This week I read an article about the story of Adele Gaboury, a woman not unlike many of our neighbors.
“It can never be said that Adele Gaboury’s neighbors were less than responsible. When her front lawn grew hip-high, they had a local boy mow it down. When her pipes froze and burst, they had the water turned off. When the mail spilled out the front door, they called the police.
The only thing they didn’t do was check to see if she was alive. She wasn’t.
Police finally climbed her crumbling brick stoop, broke in the side door of her little blue house, and found what they believed to be the 73-year-old woman’s skeletal remains, where they had lain, perhaps for as long as four years. ‘It’s not really a friendly neighborhood,’ said Eileen Dugan, 70, once a close friend of Gaboury’s, whose house sits 20 feet from the dead woman’s house. ‘I’m as much to blame as anyone.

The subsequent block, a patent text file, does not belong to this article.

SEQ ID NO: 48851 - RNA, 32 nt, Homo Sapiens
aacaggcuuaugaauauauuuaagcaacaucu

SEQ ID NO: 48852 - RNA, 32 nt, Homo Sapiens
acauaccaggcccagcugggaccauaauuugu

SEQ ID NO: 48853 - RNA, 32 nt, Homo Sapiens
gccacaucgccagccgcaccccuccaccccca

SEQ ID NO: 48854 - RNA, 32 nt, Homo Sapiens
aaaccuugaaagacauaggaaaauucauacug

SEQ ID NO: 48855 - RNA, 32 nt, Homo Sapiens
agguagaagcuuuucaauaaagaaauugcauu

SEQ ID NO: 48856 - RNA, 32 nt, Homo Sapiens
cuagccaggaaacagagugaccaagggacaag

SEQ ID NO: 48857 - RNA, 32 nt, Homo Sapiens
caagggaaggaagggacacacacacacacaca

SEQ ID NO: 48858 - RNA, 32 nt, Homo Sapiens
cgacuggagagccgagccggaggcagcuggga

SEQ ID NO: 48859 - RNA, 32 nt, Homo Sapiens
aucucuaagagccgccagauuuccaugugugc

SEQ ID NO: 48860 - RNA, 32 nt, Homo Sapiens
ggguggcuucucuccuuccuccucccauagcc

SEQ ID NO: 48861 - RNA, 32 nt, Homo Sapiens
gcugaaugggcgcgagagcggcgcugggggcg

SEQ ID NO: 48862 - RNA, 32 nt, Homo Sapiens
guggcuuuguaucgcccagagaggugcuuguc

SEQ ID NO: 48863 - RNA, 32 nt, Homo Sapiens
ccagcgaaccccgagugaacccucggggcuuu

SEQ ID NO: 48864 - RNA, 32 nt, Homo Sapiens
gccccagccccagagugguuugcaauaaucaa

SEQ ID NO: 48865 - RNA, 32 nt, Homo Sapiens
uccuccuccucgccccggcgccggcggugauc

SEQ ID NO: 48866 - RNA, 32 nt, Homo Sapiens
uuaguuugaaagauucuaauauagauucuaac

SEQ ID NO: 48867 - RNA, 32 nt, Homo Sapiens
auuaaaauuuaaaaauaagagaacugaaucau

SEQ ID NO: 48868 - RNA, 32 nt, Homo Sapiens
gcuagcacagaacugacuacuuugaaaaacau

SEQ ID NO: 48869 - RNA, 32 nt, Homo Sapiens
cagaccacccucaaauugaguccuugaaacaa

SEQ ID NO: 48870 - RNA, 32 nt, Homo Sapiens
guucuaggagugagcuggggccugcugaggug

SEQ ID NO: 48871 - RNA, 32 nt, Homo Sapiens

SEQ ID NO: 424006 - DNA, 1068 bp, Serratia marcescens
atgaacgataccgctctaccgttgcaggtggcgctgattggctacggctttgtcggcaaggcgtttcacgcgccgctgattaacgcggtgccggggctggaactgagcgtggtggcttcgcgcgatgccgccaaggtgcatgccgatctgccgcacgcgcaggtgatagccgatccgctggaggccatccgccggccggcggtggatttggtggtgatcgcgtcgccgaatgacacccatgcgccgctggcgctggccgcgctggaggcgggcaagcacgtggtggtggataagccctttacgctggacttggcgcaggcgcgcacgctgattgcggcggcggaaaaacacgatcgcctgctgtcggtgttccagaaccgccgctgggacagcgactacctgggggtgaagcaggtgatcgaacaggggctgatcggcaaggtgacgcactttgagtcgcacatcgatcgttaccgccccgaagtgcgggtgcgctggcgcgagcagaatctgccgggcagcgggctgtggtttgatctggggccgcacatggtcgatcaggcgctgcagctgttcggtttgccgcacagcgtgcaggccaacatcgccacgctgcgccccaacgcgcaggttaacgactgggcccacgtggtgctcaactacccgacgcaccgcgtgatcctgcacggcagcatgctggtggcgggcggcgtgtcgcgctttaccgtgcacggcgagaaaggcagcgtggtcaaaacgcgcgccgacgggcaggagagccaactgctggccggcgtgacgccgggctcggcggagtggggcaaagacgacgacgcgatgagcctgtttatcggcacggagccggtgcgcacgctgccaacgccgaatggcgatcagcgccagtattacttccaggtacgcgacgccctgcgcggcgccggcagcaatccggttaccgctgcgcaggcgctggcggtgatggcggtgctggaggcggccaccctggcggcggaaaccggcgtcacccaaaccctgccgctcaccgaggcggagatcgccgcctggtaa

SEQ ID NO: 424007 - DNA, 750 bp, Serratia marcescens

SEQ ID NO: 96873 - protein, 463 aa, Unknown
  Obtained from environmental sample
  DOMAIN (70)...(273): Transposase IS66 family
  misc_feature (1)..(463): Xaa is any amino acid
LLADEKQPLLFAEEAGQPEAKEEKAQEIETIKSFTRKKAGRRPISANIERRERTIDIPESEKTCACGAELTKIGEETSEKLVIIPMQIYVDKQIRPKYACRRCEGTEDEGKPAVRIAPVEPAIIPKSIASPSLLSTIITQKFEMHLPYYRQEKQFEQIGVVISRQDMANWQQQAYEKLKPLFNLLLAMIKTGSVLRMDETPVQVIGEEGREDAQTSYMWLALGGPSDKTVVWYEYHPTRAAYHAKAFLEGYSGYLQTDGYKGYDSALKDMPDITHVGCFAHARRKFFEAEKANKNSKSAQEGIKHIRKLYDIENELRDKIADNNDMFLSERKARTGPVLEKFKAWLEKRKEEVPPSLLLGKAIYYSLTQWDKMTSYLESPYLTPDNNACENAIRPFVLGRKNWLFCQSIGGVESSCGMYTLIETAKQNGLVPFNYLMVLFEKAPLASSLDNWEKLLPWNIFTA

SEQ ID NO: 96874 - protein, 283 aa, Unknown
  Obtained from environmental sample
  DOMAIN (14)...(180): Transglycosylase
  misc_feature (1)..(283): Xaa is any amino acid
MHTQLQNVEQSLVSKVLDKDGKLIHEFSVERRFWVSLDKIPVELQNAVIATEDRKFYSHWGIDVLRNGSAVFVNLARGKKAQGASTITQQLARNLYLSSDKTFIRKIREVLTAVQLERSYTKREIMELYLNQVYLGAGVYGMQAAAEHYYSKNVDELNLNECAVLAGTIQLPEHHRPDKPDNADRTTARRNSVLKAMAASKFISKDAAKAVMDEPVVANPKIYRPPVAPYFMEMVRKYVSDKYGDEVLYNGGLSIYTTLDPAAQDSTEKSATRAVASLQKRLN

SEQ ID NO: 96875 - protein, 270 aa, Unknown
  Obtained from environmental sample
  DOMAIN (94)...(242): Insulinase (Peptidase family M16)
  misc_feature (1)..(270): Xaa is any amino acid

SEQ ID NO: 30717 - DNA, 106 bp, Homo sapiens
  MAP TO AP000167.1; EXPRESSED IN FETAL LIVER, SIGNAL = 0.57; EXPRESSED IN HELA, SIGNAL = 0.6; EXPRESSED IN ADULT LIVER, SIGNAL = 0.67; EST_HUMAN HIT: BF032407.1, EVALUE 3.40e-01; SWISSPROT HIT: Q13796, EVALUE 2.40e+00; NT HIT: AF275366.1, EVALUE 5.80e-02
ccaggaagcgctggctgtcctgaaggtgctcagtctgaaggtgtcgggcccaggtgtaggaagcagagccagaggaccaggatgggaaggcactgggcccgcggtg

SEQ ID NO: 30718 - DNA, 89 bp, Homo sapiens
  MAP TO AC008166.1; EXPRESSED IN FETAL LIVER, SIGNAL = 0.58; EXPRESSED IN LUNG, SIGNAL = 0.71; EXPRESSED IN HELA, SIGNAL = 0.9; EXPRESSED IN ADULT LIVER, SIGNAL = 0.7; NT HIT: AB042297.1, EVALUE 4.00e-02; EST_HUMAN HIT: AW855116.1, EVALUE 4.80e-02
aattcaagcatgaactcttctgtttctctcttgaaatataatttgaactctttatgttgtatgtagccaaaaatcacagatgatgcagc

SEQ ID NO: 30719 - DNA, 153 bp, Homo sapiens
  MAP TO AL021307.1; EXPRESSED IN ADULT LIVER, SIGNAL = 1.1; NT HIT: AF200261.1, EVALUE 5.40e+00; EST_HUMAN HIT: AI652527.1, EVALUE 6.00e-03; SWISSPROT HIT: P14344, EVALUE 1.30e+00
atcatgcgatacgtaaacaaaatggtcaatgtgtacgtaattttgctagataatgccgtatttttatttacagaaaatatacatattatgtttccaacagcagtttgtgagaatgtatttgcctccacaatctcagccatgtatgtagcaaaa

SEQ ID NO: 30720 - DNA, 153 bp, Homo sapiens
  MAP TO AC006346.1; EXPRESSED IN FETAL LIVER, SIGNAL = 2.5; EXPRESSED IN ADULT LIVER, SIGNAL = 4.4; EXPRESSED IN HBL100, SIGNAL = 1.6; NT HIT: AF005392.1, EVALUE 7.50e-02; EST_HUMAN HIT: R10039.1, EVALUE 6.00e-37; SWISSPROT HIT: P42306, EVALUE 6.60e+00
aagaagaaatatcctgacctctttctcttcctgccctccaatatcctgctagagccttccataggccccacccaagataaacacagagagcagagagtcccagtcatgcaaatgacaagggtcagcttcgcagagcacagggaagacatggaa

She was alone and needed someone to talk to, but I was working two jobs and was sick of her coming over at all hours. Eventually I stopped answering the door.’”*
How Introverts Can Have Lifelong Friendships
How sad to live 73 years on this planet, die, and no one around you notice.
It’s a little known fact that Billy Graham has worked with the same small group of friends for the past five decades. Billy was once asked the secret to success in life, and he answered,
“Build friendships with the right people and grow old together.”
Now, all of the people on Billy Graham’s team, people in their seventies and eighties, have built homes next to each other in the little town of Montreat, North Carolina.
It was said of the early church in Acts 2:46 that, “Every day they continued to meet together.” As an introvert that doesn’t sound too appealing.
But it does sound better than the alternative.
What would it look like for you to build friendships that lead to growing old together?
*Sally Jacobs, “Years After Neighbors Last Saw Her, Worcester Woman Found Dead,” Boston Globe